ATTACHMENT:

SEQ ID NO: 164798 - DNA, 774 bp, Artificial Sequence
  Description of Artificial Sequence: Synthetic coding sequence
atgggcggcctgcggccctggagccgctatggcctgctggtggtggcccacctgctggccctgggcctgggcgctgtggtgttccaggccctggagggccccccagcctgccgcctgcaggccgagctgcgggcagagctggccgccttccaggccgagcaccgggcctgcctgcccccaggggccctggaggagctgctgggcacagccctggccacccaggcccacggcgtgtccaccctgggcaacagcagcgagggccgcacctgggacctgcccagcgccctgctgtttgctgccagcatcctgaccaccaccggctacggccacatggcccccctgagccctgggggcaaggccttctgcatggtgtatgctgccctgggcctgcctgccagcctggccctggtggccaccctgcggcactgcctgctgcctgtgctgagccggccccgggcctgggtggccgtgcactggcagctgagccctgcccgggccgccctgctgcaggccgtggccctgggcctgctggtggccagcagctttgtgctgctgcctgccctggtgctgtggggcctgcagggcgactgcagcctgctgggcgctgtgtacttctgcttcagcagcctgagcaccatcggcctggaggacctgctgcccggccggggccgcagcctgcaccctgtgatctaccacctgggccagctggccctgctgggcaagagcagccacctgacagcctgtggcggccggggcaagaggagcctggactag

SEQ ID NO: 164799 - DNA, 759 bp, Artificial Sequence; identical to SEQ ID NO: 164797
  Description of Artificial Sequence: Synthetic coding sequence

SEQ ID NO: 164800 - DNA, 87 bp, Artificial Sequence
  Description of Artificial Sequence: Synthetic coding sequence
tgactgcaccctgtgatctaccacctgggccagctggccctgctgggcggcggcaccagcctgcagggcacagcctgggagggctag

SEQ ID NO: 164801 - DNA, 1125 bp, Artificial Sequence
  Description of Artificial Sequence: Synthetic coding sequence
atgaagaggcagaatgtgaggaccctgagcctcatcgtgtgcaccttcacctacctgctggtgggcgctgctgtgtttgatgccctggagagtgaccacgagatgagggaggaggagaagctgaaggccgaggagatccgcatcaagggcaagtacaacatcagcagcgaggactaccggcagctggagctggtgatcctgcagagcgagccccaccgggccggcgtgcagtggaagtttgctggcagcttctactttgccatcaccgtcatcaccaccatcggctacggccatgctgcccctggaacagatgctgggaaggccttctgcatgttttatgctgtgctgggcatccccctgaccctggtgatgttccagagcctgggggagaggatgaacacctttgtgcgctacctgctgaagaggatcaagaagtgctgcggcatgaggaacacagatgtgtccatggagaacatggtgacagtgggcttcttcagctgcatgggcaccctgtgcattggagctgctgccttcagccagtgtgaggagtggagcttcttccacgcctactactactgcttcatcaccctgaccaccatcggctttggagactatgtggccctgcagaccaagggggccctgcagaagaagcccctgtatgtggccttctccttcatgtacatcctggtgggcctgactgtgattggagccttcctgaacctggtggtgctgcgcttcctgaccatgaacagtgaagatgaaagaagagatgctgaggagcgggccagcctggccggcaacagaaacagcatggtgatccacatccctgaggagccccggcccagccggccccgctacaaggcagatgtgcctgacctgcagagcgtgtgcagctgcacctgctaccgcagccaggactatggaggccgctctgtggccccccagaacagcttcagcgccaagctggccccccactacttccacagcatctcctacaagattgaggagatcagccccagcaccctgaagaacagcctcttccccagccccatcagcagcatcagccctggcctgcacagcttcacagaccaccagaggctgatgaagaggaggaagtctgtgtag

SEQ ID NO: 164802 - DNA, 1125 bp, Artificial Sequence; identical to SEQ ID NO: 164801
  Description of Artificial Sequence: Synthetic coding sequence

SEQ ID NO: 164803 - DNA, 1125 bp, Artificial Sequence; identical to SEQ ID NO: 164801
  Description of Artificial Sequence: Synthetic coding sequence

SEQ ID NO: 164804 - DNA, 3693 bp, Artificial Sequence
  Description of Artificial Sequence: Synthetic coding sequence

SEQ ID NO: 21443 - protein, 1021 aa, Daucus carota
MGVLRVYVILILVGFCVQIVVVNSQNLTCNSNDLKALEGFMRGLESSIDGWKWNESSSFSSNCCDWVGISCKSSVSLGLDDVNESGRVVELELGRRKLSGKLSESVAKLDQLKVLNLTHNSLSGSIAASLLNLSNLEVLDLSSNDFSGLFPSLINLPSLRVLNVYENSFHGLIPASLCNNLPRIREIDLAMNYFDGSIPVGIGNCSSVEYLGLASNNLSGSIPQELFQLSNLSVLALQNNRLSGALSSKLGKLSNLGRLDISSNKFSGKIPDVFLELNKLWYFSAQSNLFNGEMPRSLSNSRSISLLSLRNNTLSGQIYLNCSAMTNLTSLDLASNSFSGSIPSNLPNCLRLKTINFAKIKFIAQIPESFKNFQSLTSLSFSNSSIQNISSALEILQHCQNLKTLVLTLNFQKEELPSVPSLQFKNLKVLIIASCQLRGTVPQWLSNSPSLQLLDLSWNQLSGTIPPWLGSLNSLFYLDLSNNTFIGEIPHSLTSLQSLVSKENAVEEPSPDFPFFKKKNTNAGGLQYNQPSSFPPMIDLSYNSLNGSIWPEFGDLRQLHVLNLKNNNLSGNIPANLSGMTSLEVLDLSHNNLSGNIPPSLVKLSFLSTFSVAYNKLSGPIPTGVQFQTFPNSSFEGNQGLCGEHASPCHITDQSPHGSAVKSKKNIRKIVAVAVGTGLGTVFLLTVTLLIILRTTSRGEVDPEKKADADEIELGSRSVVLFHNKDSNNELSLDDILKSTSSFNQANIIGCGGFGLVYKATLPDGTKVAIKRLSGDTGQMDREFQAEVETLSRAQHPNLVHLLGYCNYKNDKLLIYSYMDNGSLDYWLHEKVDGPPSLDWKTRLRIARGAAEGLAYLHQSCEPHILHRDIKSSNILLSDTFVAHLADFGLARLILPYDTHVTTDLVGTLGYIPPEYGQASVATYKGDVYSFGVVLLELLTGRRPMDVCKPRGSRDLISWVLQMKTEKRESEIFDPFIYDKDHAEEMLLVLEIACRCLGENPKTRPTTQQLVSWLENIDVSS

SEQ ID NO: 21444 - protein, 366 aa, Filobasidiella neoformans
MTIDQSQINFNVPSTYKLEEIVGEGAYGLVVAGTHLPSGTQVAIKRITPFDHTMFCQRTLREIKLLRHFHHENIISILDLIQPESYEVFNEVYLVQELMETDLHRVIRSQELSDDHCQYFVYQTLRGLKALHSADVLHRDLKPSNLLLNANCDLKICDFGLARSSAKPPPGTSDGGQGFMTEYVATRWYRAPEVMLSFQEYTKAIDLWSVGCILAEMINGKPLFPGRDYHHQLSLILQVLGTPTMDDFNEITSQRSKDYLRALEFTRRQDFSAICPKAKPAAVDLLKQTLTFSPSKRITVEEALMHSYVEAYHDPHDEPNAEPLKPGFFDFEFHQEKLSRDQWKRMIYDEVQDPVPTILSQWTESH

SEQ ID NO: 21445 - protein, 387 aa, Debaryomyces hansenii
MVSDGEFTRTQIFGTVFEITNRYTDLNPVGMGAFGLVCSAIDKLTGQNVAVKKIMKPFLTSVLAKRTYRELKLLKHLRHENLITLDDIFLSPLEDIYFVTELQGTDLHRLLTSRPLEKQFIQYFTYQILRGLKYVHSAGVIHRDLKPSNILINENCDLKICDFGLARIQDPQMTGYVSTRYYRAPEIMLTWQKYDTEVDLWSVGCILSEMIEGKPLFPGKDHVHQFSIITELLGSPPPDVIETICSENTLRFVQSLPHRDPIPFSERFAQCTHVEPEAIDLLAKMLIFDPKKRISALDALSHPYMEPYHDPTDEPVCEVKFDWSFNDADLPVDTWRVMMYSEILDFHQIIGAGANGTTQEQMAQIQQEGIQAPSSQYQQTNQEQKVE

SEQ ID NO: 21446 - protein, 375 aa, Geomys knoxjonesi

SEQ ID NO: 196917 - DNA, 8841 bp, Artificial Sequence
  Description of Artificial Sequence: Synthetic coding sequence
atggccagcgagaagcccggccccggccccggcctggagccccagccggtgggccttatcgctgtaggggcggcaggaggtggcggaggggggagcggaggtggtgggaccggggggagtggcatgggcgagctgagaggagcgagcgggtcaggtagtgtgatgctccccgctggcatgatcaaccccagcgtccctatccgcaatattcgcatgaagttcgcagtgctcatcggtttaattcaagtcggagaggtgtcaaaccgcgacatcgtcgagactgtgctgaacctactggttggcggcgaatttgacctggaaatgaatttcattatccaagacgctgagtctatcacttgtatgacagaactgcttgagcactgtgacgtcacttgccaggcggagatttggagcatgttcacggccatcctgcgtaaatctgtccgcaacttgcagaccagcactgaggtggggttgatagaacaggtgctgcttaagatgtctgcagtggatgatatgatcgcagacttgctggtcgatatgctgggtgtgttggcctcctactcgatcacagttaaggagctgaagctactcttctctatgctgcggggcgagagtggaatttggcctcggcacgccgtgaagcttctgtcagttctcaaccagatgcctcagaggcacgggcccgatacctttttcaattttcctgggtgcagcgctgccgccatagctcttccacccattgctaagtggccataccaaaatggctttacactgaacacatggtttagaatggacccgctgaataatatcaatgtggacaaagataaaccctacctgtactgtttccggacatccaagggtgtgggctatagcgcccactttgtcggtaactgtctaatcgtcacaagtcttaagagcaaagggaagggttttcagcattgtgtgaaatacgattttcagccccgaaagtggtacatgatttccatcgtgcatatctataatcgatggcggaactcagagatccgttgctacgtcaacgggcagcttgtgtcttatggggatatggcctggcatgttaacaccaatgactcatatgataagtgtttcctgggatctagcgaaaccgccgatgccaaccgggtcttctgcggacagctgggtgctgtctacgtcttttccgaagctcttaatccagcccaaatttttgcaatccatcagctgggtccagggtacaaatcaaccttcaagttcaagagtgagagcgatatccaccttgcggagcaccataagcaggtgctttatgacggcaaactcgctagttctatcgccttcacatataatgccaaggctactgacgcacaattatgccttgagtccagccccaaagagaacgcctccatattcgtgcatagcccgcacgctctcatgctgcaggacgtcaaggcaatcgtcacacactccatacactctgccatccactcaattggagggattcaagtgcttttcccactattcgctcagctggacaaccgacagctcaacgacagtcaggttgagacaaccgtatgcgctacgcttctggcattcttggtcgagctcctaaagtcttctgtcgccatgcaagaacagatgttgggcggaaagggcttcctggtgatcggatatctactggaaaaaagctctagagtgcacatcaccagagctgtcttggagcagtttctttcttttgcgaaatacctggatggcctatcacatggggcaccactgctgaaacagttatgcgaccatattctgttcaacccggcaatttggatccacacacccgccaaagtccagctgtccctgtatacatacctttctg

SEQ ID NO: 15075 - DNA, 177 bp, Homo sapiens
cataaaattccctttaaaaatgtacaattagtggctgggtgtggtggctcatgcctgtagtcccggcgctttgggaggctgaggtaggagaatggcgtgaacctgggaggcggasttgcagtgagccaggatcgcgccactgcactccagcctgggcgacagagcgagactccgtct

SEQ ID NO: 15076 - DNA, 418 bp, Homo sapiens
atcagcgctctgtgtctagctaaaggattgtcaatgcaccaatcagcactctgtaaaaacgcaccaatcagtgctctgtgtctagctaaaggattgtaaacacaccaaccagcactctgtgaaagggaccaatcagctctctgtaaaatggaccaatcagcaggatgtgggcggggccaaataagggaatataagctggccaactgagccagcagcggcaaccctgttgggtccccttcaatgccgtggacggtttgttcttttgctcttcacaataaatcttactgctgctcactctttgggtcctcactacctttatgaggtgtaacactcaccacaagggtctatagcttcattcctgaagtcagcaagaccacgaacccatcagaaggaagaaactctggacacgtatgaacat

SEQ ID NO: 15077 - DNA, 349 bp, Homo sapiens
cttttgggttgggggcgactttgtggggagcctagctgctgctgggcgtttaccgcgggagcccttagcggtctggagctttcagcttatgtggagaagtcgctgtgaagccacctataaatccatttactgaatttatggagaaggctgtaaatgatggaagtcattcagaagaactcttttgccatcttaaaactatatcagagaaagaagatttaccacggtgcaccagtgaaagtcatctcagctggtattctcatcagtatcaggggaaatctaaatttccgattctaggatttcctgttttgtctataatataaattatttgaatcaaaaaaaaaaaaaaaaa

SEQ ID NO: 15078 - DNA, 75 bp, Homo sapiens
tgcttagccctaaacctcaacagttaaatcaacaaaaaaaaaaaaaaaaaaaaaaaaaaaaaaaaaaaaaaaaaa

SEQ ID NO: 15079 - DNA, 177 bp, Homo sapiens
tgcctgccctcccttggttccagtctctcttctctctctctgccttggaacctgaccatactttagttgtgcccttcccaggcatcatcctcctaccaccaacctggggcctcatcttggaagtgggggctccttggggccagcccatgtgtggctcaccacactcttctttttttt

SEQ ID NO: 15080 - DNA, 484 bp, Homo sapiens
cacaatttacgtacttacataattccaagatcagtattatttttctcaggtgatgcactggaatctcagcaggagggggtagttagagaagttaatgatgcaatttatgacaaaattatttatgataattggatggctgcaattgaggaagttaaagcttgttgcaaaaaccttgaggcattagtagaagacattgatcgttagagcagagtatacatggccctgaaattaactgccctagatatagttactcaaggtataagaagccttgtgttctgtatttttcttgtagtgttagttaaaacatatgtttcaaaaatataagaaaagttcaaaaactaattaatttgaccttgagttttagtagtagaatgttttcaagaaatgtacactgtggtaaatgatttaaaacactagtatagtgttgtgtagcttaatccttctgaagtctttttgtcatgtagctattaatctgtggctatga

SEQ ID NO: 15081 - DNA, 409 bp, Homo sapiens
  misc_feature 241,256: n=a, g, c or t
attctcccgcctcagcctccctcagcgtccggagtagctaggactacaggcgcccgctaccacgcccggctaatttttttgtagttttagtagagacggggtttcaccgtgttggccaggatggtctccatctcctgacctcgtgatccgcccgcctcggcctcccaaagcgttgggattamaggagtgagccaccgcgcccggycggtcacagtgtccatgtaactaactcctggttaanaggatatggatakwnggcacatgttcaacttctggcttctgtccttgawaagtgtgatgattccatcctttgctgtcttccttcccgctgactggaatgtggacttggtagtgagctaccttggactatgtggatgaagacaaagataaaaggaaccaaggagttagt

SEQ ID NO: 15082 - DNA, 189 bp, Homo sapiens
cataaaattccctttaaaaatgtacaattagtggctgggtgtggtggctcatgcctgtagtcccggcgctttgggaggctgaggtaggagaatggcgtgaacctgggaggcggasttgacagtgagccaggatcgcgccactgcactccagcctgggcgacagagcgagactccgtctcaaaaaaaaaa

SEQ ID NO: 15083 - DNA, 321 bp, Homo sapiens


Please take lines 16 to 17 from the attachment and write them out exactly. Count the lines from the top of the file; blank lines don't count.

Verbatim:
SEQ ID NO: 164804 - DNA, 3693 bp, Artificial Sequence
  Description of Artificial Sequence: Synthetic coding sequence